This actually never occurred to me as an oddity until I became recently aware of the OwnVoices movement. It’s badass. I now wish my debut was the tale of a strong, Ilocano warrior/ headhuntress. Now, there are moments where I’m like… Well, I am a brown woman. I love my culture. Why wasn’t that my first step into YA Fantasy? I think it can be a touchy subject, but being completely honest I didn’t grow up learning or hearing about Filipino folklore like I did European folklore. That was never part of my or my parents’ curriculum, and we didn’t learn about it from our grandparents, either. As Asian immigrants in the early 19th century, there was a lot of pressure to acclimate to Western society as a direct result of prejudice. After WWII my grandparents did not pass their dialect to my mom and her siblings. Like Hawaii where they immigrated to, whose monarchy was also overthrown and eventually annexed, my grandparents came  from a country steeped in colonization. They couldn’t escape it. Remnants of Spain’s caste system linger strongly in their society today. I’ve very recently begun educating myself on colorism in the Philippines, and I think back to my childhood of skin-lightening soaps and intense bleaching/ color lifting. It’s sad but only drives me to learn more about my heritage and produce forth strong, flawed, well-traveled characters from it. I admire authors like Rin Chupeco and Jason Tanamor who have masterfully written tales based in multicultural lore, and I hope to be amongst them one day. I’m not uncomfortable speaking out on this because it’s our reality, but I do feel somewhat pensive; if my ancestors had been allowed to embrace their roots, our pre-colonial society… what would that have done for the way my grandma and mother regarded their own beauty and validation? Would I, years down the line and just one woman, have felt more agency—like I had the permission—would I have been more equipped to start out with an OwnVoices novel? I believe so.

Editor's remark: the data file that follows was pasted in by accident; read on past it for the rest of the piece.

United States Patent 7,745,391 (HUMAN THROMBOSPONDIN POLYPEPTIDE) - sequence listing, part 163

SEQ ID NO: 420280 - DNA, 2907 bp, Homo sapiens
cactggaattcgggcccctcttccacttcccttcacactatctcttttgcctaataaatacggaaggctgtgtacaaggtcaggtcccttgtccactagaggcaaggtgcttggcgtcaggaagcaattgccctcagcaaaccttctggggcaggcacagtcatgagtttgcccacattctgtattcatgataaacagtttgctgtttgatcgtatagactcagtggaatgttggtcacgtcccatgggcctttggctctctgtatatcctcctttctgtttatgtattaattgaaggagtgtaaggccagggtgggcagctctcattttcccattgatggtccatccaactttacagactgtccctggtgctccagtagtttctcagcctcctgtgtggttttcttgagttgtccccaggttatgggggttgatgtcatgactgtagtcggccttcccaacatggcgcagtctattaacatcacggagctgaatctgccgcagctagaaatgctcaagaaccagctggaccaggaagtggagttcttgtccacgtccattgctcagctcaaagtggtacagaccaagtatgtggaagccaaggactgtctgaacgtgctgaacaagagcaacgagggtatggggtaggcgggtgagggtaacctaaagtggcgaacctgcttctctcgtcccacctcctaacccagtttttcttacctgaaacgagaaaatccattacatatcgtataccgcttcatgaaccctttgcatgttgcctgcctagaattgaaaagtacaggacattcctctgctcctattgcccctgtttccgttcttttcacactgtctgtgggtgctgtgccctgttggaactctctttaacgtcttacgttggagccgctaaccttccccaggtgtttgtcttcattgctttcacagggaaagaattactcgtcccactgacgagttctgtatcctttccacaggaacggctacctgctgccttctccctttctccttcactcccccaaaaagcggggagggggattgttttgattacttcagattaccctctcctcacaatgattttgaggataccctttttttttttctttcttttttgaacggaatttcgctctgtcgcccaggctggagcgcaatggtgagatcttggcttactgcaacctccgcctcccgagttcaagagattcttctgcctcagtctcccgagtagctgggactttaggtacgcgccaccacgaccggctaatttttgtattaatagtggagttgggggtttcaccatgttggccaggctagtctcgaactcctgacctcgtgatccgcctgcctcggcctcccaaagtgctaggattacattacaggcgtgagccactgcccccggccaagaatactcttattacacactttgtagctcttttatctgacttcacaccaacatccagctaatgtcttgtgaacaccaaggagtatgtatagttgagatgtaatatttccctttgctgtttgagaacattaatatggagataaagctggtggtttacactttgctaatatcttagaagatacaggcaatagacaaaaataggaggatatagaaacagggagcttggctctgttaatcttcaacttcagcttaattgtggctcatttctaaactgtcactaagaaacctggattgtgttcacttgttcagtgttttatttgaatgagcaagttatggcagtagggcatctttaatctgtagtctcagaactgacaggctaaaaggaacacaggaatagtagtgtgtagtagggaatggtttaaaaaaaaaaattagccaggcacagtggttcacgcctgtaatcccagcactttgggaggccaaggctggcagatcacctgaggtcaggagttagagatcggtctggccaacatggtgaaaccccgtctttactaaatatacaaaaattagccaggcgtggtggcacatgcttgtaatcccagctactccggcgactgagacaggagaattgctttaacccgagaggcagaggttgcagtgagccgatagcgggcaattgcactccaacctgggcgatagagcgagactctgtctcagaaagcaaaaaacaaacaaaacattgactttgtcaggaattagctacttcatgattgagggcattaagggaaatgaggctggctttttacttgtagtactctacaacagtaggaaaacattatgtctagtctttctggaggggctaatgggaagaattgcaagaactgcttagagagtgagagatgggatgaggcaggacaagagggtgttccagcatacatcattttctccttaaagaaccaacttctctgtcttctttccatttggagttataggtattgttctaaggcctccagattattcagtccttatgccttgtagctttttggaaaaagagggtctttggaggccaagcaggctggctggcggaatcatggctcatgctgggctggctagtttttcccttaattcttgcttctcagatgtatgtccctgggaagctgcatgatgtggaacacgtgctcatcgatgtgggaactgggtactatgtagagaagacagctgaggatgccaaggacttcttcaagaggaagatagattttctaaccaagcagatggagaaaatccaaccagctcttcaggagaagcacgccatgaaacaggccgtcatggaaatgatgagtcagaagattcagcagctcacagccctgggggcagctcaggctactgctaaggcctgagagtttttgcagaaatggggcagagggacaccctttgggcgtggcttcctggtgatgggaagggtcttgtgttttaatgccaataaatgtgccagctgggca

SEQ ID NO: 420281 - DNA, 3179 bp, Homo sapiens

But at the same time, I don’t regret Lilac and Garin or their timing; deep down and between the lines, I’m a Southeast Asian author who grew up in a Polynesian melting pot with a unique British-American history, who learned Arthurian and Victorian literature in school and home, telling the general story of cultural erasure, of lingual prejudice. On a more specific note, it is so important for brown, Native, and Black authors to be able, and feel encouraged to tell stories of their own when they choose. This is why having diverse authors, diverse leadership in publishing is so crucial, because we can help pinpoint themes that will resonate and hopefully enlighten across the board. It’s important for us and our kids and their kids to read characters who not only look like Lilac and Garin, but us, especially in the realms of fantasy and sci-fi. My next WIP after the DISENCHANTED series will be an OwnVoices piece, but not without lots of soul searching. The research process has been deeply revelational and emotional.